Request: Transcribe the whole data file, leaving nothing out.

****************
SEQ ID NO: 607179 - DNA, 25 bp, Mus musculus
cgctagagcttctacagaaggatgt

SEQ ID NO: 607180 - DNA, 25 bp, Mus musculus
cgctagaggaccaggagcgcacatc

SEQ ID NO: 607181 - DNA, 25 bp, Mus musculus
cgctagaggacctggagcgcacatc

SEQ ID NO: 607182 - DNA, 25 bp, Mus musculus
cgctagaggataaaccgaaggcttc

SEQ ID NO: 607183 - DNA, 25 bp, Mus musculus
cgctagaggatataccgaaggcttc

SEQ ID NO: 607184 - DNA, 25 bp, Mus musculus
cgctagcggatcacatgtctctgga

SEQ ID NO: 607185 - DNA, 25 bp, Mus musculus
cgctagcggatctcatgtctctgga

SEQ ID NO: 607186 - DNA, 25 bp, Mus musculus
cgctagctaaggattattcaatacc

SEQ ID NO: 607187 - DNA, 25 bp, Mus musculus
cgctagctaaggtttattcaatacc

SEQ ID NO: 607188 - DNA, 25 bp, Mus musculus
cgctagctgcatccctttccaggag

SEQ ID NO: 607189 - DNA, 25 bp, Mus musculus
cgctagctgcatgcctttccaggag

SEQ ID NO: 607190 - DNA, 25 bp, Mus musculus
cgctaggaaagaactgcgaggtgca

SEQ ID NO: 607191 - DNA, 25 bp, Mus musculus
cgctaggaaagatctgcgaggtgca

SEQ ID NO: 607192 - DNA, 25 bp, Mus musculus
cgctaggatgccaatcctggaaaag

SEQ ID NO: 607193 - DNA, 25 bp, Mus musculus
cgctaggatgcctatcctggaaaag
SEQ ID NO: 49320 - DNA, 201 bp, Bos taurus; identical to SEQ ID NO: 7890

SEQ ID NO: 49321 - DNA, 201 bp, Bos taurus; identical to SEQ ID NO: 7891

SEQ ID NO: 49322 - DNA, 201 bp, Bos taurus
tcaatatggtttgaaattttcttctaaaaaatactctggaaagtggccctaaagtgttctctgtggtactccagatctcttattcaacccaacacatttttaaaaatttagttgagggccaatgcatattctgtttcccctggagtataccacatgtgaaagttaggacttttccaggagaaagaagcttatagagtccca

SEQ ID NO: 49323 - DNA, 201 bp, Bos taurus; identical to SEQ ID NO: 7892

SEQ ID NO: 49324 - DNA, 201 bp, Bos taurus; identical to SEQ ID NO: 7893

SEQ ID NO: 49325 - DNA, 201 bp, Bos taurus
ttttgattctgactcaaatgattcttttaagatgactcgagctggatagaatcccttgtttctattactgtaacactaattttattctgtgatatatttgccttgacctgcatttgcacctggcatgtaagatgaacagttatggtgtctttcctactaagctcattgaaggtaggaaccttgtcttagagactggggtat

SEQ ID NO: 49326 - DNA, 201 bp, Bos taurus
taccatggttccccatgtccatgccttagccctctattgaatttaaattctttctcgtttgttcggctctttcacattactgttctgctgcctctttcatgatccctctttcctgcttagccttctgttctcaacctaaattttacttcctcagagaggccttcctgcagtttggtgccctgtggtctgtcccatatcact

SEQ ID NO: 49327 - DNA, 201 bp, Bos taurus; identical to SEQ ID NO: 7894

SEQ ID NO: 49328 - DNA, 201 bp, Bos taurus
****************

SEQ ID NO: 607179 - DNA, 25 bp, Mus musculus
cgctagagcttctacagaaggatgt

SEQ ID NO: 607180 - DNA, 25 bp, Mus musculus
cgctagaggaccaggagcgcacatc

SEQ ID NO: 607181 - DNA, 25 bp, Mus musculus
cgctagaggacctggagcgcacatc

SEQ ID NO: 607182 - DNA, 25 bp, Mus musculus
cgctagaggataaaccgaaggcttc

SEQ ID NO: 607183 - DNA, 25 bp, Mus musculus
cgctagaggatataccgaaggcttc

SEQ ID NO: 607184 - DNA, 25 bp, Mus musculus
cgctagcggatcacatgtctctgga

SEQ ID NO: 607185 - DNA, 25 bp, Mus musculus
cgctagcggatctcatgtctctgga

SEQ ID NO: 607186 - DNA, 25 bp, Mus musculus
cgctagctaaggattattcaatacc

SEQ ID NO: 607187 - DNA, 25 bp, Mus musculus
cgctagctaaggtttattcaatacc

SEQ ID NO: 607188 - DNA, 25 bp, Mus musculus
cgctagctgcatccctttccaggag

SEQ ID NO: 607189 - DNA, 25 bp, Mus musculus
cgctagctgcatgcctttccaggag

SEQ ID NO: 607190 - DNA, 25 bp, Mus musculus
cgctaggaaagaactgcgaggtgca

SEQ ID NO: 607191 - DNA, 25 bp, Mus musculus
cgctaggaaagatctgcgaggtgca

SEQ ID NO: 607192 - DNA, 25 bp, Mus musculus
cgctaggatgccaatcctggaaaag

SEQ ID NO: 607193 - DNA, 25 bp, Mus musculus
cgctaggatgcctatcctggaaaag
SEQ ID NO: 49320 - DNA, 201 bp, Bos taurus; identical to SEQ ID NO: 7890

SEQ ID NO: 49321 - DNA, 201 bp, Bos taurus; identical to SEQ ID NO: 7891

SEQ ID NO: 49322 - DNA, 201 bp, Bos taurus
tcaatatggtttgaaattttcttctaaaaaatactctggaaagtggccctaaagtgttctctgtggtactccagatctcttattcaacccaacacatttttaaaaatttagttgagggccaatgcatattctgtttcccctggagtataccacatgtgaaagttaggacttttccaggagaaagaagcttatagagtccca

SEQ ID NO: 49323 - DNA, 201 bp, Bos taurus; identical to SEQ ID NO: 7892

SEQ ID NO: 49324 - DNA, 201 bp, Bos taurus; identical to SEQ ID NO: 7893

SEQ ID NO: 49325 - DNA, 201 bp, Bos taurus
ttttgattctgactcaaatgattcttttaagatgactcgagctggatagaatcccttgtttctattactgtaacactaattttattctgtgatatatttgccttgacctgcatttgcacctggcatgtaagatgaacagttatggtgtctttcctactaagctcattgaaggtaggaaccttgtcttagagactggggtat

SEQ ID NO: 49326 - DNA, 201 bp, Bos taurus
taccatggttccccatgtccatgccttagccctctattgaatttaaattctttctcgtttgttcggctctttcacattactgttctgctgcctctttcatgatccctctttcctgcttagccttctgttctcaacctaaattttacttcctcagagaggccttcctgcagtttggtgccctgtggtctgtcccatatcact

SEQ ID NO: 49327 - DNA, 201 bp, Bos taurus; identical to SEQ ID NO: 7894

SEQ ID NO: 49328 - DNA, 201 bp, Bos taurus